Source: HM Revenue & Customs | 13/03/18
As you would expect, the Spring Statement delivered by the Chancellor Philip Hammond, to Parliament on 13 March 2018, was peppered with party political jibes no doubt intended to lift the spirits of his own party and dismay the opposition parties.
There was very little “promised” in terms of new tax or other strategic items that we are used to in a Budget speech; we will need to wait until autumn 2018 for news of changes to government spending and changes to the tax code.
The new-style spring statements are intended to deliver:
• An update on the health of the UK economy and Office for Budgetary Responsibility (OBR) forecasts,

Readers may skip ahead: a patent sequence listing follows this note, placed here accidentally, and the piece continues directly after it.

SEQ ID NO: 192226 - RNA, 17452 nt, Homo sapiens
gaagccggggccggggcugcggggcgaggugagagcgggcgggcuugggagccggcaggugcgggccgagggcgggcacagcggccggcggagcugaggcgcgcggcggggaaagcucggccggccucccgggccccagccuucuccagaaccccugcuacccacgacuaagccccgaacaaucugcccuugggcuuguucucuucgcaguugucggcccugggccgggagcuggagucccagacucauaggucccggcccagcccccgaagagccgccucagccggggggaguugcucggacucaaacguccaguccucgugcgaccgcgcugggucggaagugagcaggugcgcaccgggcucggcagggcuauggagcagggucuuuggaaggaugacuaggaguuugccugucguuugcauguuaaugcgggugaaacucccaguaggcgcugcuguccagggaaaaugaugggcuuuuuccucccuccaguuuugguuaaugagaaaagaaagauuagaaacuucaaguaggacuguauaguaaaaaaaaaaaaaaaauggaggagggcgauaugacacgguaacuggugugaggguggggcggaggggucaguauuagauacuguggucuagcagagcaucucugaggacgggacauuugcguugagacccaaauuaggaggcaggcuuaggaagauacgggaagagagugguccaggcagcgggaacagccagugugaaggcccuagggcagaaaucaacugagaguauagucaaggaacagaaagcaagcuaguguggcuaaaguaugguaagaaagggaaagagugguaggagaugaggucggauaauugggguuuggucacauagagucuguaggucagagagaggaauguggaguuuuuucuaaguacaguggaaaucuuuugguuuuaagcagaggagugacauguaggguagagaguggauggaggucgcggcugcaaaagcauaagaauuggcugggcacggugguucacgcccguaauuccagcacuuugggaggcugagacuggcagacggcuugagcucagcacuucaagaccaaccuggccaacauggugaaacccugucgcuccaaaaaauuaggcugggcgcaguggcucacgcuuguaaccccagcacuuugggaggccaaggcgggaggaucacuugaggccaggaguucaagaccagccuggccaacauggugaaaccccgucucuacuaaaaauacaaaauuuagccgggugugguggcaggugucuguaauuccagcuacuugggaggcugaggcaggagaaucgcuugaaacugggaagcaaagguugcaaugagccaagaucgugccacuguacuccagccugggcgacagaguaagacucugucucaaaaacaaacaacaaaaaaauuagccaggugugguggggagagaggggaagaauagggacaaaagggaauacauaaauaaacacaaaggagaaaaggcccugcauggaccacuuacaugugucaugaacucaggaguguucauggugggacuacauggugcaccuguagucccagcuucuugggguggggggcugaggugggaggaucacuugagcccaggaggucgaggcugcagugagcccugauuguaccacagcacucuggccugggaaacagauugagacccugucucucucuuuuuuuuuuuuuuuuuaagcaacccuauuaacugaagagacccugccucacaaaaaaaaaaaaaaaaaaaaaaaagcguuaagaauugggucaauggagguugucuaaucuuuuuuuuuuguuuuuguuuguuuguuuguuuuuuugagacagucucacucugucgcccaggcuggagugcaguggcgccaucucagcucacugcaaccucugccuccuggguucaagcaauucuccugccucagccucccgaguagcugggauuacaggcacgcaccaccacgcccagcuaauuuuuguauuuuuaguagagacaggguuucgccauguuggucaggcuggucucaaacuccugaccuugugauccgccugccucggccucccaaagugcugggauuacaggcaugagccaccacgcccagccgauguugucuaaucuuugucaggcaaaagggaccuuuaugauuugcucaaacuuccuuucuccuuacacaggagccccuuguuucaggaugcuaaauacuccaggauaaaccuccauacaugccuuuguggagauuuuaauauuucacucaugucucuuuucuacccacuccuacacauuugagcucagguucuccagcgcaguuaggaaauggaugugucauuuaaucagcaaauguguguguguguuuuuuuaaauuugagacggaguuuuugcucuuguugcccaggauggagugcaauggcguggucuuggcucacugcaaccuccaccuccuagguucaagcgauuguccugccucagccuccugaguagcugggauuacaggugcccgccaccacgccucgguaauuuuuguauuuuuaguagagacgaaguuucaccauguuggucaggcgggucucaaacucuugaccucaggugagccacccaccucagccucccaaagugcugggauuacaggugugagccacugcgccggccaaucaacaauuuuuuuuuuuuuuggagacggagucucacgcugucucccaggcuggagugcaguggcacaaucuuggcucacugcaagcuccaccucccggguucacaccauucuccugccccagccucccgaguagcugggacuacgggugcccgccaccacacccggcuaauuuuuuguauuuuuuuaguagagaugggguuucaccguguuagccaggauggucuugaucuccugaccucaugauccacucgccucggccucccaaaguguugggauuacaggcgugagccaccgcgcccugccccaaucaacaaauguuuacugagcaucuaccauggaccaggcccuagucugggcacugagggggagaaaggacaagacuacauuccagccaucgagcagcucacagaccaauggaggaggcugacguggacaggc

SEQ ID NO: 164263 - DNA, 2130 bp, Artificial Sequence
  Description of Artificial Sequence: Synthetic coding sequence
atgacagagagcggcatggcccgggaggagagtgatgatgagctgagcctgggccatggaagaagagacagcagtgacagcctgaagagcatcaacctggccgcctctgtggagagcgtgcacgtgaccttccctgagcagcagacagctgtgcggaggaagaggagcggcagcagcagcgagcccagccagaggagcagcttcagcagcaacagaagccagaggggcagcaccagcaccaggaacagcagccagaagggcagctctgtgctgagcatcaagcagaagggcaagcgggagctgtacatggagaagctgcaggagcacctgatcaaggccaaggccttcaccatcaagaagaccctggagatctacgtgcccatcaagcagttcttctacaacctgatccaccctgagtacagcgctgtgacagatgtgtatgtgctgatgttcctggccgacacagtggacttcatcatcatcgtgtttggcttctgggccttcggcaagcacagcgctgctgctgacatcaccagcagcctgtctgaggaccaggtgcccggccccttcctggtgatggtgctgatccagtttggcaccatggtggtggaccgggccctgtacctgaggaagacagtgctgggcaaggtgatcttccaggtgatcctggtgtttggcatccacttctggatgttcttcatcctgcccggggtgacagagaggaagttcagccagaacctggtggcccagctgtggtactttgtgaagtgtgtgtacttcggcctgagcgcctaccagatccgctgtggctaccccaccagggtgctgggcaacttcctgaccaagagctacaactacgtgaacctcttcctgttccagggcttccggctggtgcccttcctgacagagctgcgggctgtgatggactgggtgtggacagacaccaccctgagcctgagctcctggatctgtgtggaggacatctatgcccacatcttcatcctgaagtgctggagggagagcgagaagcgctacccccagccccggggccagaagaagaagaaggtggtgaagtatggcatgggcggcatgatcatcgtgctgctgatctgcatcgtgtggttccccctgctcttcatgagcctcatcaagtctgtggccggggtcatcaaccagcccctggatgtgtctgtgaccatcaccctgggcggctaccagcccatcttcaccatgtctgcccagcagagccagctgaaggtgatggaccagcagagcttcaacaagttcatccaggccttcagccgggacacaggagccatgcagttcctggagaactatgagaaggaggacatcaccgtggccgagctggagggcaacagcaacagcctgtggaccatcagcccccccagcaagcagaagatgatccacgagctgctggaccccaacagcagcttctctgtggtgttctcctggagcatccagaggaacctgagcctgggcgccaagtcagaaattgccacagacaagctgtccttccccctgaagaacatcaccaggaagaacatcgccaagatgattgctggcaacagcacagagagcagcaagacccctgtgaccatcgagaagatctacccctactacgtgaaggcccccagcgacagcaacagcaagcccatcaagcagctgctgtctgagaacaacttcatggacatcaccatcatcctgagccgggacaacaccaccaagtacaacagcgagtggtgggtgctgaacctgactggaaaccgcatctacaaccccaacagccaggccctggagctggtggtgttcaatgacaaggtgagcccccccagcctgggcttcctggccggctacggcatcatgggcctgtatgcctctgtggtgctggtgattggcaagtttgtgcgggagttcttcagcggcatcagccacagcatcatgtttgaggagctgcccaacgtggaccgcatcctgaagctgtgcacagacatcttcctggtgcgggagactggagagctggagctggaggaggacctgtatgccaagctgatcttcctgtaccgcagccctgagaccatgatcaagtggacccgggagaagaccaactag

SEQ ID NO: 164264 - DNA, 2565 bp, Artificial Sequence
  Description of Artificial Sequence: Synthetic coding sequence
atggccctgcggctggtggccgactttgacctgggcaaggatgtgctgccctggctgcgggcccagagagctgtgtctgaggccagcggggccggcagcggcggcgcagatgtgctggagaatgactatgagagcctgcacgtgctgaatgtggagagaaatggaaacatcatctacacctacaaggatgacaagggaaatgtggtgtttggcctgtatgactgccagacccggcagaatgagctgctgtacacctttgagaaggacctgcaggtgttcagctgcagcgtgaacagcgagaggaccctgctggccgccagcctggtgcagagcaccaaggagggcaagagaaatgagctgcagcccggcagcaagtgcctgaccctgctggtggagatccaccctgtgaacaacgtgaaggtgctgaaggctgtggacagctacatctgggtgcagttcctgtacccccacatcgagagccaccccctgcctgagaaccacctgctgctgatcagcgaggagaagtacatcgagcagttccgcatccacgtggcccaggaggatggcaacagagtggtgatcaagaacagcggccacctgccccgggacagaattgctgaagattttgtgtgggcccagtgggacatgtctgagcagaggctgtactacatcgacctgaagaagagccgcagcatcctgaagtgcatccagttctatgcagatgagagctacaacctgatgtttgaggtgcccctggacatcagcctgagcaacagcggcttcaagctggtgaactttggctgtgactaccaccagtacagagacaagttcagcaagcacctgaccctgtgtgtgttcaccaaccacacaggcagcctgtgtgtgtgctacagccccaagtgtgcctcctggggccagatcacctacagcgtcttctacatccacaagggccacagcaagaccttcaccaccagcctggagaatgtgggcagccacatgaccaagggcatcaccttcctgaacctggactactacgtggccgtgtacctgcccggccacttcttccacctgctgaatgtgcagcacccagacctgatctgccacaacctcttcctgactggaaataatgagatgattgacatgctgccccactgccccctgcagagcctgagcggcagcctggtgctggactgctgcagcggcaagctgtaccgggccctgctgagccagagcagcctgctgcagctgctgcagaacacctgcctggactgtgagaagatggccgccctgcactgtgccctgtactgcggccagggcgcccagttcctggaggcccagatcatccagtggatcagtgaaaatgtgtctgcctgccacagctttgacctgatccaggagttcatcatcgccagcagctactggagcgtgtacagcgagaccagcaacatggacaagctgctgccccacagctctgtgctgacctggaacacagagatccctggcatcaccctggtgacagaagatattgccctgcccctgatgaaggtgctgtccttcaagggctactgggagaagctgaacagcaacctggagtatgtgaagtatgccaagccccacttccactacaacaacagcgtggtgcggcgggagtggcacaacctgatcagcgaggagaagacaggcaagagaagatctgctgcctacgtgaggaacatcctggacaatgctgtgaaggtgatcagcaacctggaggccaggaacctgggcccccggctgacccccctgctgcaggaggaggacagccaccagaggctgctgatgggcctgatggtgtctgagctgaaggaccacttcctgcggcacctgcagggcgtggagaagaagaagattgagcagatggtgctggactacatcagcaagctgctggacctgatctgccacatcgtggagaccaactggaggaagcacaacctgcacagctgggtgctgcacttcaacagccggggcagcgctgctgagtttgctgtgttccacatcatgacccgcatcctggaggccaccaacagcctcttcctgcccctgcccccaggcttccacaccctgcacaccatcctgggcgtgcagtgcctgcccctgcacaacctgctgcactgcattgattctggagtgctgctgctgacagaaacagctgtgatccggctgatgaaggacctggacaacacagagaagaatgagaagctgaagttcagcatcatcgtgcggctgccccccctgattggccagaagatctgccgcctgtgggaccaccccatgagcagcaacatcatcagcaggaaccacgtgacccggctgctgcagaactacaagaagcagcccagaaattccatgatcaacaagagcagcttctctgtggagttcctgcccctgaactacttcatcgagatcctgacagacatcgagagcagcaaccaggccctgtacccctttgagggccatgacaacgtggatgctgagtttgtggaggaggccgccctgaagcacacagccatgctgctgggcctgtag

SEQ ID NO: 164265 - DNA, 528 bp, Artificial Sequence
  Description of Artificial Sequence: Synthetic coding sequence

• An update on progress made since Autumn Budget 2017, and
• Invitations for interested parties to give their views on proposed policy changes.
A summary of the matters that were disclosed follow:
1. Economy and fiscal forecasts
The Chancellor’s message in this part of his presentation was upbeat but cautious. He would consider relaxing his expenditure criteria, but only if the positive indicators continued. His consistent message was “there is a light at the end of the tunnel, but caution is still required”.
2. Progress since Autumn Budget 2017 items cited included:
3. Inviting views on future changes to the tax system.
These will include:
As mentioned in our introduction today, there was much “padding” to the Chancellor’s presentation, but the overall impression was a “steady as you go” approach. It will be interesting to see how wider political issues, such as the forthcoming Brexit negotiations, will play their part in the shaping of future fiscal policy. Only time will tell.
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